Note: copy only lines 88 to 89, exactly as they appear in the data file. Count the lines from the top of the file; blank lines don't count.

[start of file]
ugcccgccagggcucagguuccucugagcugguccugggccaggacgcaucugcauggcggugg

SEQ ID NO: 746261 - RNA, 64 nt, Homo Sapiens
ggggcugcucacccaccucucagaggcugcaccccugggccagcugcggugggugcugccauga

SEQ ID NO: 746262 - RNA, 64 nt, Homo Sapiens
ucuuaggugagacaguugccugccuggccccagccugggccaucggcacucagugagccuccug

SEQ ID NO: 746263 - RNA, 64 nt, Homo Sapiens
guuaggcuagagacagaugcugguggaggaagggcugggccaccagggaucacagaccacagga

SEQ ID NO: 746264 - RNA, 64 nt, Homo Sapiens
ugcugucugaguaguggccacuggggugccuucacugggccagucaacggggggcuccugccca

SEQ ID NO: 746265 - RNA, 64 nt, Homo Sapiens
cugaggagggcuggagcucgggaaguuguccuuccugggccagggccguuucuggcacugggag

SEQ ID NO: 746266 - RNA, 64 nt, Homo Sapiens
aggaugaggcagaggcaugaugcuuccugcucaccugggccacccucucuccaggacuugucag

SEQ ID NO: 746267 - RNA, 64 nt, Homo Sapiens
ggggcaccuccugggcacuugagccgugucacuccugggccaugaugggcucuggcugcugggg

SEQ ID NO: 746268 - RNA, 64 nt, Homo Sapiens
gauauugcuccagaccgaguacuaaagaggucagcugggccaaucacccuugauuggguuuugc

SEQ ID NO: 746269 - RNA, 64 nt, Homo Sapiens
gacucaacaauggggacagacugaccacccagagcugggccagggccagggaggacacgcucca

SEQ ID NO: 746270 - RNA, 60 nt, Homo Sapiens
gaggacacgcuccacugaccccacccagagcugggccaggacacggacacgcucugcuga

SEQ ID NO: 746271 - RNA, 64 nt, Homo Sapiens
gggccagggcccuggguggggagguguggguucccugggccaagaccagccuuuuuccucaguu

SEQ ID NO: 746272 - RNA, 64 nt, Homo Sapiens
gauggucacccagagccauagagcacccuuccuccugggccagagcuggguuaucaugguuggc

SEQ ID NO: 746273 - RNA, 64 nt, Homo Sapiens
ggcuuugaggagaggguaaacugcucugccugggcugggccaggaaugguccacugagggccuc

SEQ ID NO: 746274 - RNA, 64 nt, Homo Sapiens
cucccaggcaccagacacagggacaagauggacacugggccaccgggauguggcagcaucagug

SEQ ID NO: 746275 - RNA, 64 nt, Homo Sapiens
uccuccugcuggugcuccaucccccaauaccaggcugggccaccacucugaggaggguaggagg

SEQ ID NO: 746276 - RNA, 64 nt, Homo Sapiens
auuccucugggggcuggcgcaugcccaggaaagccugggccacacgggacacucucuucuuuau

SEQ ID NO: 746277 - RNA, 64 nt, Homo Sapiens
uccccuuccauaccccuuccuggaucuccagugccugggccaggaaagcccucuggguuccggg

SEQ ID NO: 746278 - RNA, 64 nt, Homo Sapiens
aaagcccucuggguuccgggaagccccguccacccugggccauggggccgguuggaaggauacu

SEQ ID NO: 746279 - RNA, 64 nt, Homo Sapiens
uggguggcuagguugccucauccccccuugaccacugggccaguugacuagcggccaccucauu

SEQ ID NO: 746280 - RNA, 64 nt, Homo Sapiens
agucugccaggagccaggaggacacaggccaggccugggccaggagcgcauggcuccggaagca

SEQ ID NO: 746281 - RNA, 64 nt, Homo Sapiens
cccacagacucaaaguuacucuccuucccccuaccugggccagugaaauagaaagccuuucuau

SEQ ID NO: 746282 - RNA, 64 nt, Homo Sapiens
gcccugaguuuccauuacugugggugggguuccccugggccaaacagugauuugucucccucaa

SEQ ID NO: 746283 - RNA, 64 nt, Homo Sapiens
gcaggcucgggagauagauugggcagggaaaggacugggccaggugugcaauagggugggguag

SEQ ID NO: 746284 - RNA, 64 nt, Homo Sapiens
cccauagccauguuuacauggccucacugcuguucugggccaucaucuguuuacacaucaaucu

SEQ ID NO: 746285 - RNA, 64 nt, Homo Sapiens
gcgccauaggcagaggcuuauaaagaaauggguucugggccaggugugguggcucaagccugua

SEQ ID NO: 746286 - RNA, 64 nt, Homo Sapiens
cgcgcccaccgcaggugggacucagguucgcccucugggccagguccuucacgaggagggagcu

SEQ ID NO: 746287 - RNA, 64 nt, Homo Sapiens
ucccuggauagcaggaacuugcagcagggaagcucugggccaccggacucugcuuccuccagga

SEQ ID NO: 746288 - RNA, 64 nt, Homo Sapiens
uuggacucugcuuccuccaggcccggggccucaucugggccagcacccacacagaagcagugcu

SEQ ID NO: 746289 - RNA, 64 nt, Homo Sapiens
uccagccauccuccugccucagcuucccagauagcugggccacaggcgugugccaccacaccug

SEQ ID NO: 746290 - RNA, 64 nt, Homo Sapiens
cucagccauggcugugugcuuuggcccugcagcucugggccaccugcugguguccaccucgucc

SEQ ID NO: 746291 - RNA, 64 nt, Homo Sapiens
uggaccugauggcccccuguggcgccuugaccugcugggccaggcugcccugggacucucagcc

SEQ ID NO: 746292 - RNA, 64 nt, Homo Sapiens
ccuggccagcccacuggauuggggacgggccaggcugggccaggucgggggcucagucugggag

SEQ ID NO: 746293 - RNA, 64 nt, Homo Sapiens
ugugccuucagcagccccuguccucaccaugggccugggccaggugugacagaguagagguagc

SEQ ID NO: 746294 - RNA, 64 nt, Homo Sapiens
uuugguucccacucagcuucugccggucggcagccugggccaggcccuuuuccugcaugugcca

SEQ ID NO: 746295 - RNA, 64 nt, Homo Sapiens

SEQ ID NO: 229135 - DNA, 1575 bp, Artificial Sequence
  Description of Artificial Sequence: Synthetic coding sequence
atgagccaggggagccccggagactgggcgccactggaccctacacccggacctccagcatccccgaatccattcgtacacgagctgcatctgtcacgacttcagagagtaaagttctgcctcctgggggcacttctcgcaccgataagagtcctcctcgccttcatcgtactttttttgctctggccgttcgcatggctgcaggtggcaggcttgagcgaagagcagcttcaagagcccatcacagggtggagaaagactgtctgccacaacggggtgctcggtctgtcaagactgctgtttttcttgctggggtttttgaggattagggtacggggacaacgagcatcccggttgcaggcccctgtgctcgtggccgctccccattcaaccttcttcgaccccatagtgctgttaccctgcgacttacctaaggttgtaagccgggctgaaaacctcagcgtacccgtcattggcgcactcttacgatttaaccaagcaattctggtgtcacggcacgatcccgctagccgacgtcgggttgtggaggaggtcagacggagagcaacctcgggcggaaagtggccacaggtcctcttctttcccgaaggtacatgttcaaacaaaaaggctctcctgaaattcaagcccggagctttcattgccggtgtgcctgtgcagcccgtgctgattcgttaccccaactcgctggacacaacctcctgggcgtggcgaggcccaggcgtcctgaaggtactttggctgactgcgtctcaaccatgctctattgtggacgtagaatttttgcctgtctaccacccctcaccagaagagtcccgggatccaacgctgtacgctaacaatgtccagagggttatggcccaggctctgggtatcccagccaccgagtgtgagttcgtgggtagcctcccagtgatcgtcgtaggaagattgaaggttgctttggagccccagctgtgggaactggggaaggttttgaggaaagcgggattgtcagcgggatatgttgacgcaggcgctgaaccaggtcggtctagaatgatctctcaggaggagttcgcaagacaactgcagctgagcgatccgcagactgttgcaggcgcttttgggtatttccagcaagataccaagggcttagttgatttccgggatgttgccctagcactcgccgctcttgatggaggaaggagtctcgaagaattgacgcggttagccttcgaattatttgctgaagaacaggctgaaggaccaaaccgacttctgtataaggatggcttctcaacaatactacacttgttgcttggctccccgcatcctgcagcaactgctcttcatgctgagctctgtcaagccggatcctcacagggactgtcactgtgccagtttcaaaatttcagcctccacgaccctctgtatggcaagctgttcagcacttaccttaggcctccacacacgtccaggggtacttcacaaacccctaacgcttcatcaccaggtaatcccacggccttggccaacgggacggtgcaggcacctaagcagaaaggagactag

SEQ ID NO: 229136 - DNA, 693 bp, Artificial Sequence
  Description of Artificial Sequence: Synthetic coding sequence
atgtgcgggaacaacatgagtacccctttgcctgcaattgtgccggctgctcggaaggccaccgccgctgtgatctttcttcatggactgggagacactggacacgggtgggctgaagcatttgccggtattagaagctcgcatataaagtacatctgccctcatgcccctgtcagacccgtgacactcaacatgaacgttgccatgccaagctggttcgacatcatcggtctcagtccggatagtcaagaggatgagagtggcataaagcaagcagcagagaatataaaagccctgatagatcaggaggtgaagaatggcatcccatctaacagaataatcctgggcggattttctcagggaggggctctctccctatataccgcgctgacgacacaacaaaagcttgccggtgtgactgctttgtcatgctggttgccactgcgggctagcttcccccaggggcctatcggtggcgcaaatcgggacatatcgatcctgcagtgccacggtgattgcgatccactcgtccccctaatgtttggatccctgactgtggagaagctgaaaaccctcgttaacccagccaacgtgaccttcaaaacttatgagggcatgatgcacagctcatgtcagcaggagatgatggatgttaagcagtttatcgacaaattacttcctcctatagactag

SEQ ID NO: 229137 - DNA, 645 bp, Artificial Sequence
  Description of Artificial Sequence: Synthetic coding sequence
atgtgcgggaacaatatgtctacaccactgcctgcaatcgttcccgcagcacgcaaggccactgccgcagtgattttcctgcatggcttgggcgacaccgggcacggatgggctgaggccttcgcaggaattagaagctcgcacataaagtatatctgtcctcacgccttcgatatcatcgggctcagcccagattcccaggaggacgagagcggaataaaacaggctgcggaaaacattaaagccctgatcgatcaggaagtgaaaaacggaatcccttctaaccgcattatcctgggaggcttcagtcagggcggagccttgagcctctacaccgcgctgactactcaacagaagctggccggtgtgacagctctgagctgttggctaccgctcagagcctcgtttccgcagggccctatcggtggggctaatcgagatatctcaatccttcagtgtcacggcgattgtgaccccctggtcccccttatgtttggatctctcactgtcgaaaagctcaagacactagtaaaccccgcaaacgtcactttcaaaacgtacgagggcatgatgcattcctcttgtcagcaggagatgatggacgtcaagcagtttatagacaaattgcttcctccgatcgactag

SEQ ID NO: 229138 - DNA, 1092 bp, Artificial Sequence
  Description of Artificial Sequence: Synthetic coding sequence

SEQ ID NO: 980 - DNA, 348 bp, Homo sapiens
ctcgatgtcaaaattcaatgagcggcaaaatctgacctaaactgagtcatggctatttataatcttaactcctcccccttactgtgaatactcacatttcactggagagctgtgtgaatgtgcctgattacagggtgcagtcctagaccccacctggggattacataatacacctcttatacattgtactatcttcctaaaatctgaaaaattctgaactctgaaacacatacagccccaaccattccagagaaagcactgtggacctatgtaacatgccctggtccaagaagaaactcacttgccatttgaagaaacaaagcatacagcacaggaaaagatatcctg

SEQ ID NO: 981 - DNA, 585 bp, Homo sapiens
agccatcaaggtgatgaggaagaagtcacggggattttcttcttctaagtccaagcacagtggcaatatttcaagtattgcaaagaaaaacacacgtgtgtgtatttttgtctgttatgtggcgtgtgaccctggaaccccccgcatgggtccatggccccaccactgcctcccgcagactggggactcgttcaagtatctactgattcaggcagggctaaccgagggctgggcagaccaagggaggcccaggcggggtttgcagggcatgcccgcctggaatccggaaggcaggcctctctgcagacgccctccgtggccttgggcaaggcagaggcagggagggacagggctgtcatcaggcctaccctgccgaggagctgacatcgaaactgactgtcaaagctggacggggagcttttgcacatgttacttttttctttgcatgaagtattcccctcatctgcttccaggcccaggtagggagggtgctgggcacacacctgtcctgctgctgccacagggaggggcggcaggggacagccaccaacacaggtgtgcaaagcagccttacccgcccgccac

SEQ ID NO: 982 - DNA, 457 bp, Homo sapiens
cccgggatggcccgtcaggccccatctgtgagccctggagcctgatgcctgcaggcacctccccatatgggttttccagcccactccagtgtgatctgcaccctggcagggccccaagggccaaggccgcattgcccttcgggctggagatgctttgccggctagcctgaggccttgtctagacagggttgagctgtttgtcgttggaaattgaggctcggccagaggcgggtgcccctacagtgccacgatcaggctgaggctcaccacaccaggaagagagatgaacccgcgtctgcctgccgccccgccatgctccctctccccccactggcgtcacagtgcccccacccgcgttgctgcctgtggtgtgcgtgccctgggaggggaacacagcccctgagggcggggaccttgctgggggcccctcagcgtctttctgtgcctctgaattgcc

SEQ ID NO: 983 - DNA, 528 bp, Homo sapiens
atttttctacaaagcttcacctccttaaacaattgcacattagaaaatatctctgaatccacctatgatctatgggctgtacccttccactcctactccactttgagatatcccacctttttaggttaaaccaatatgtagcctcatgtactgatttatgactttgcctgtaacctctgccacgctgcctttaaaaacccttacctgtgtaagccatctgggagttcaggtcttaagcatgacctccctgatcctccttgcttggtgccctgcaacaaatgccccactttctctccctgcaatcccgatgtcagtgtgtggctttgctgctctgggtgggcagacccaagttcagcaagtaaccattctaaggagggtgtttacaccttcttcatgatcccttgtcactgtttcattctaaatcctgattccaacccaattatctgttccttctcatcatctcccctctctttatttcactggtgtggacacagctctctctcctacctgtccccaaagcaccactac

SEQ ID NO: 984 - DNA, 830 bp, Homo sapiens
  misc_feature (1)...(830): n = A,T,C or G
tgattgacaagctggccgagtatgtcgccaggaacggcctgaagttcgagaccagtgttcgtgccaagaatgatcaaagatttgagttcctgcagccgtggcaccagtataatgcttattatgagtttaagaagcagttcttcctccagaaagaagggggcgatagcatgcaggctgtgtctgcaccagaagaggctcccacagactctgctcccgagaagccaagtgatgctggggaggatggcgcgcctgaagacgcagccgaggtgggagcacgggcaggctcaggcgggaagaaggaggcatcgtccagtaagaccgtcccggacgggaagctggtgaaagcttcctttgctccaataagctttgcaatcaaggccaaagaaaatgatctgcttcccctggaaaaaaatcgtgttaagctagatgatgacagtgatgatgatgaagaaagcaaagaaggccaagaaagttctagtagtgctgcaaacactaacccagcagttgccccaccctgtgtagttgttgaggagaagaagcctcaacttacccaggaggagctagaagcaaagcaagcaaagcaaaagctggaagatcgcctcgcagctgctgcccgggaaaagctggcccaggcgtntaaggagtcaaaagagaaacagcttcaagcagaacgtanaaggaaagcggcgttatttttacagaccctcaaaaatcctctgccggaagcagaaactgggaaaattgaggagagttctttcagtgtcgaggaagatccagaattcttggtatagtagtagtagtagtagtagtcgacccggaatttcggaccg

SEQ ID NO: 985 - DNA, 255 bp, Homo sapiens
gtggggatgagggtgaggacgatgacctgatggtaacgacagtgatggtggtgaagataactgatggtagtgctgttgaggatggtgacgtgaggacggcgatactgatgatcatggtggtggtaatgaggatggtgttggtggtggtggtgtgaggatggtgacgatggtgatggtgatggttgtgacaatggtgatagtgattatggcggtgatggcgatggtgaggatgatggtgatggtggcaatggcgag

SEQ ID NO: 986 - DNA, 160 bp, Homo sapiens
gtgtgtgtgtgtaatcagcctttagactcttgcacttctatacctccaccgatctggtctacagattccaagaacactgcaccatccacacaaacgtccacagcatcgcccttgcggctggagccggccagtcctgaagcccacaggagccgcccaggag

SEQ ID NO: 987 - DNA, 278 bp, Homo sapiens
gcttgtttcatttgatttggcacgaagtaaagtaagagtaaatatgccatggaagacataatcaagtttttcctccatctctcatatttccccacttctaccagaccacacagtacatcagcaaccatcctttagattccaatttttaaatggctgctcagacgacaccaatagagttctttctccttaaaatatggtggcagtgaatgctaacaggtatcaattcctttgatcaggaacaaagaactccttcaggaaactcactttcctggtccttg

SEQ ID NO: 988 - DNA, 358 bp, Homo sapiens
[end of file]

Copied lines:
SEQ ID NO: 983 - DNA, 528 bp, Homo sapiens
atttttctacaaagcttcacctccttaaacaattgcacattagaaaatatctctgaatccacctatgatctatgggctgtacccttccactcctactccactttgagatatcccacctttttaggttaaaccaatatgtagcctcatgtactgatttatgactttgcctgtaacctctgccacgctgcctttaaaaacccttacctgtgtaagccatctgggagttcaggtcttaagcatgacctccctgatcctccttgcttggtgccctgcaacaaatgccccactttctctccctgcaatcccgatgtcagtgtgtggctttgctgctctgggtgggcagacccaagttcagcaagtaaccattctaaggagggtgtttacaccttcttcatgatcccttgtcactgtttcattctaaatcctgattccaacccaattatctgttccttctcatcatctcccctctctttatttcactggtgtggacacagctctctctcctacctgtccccaaagcaccactac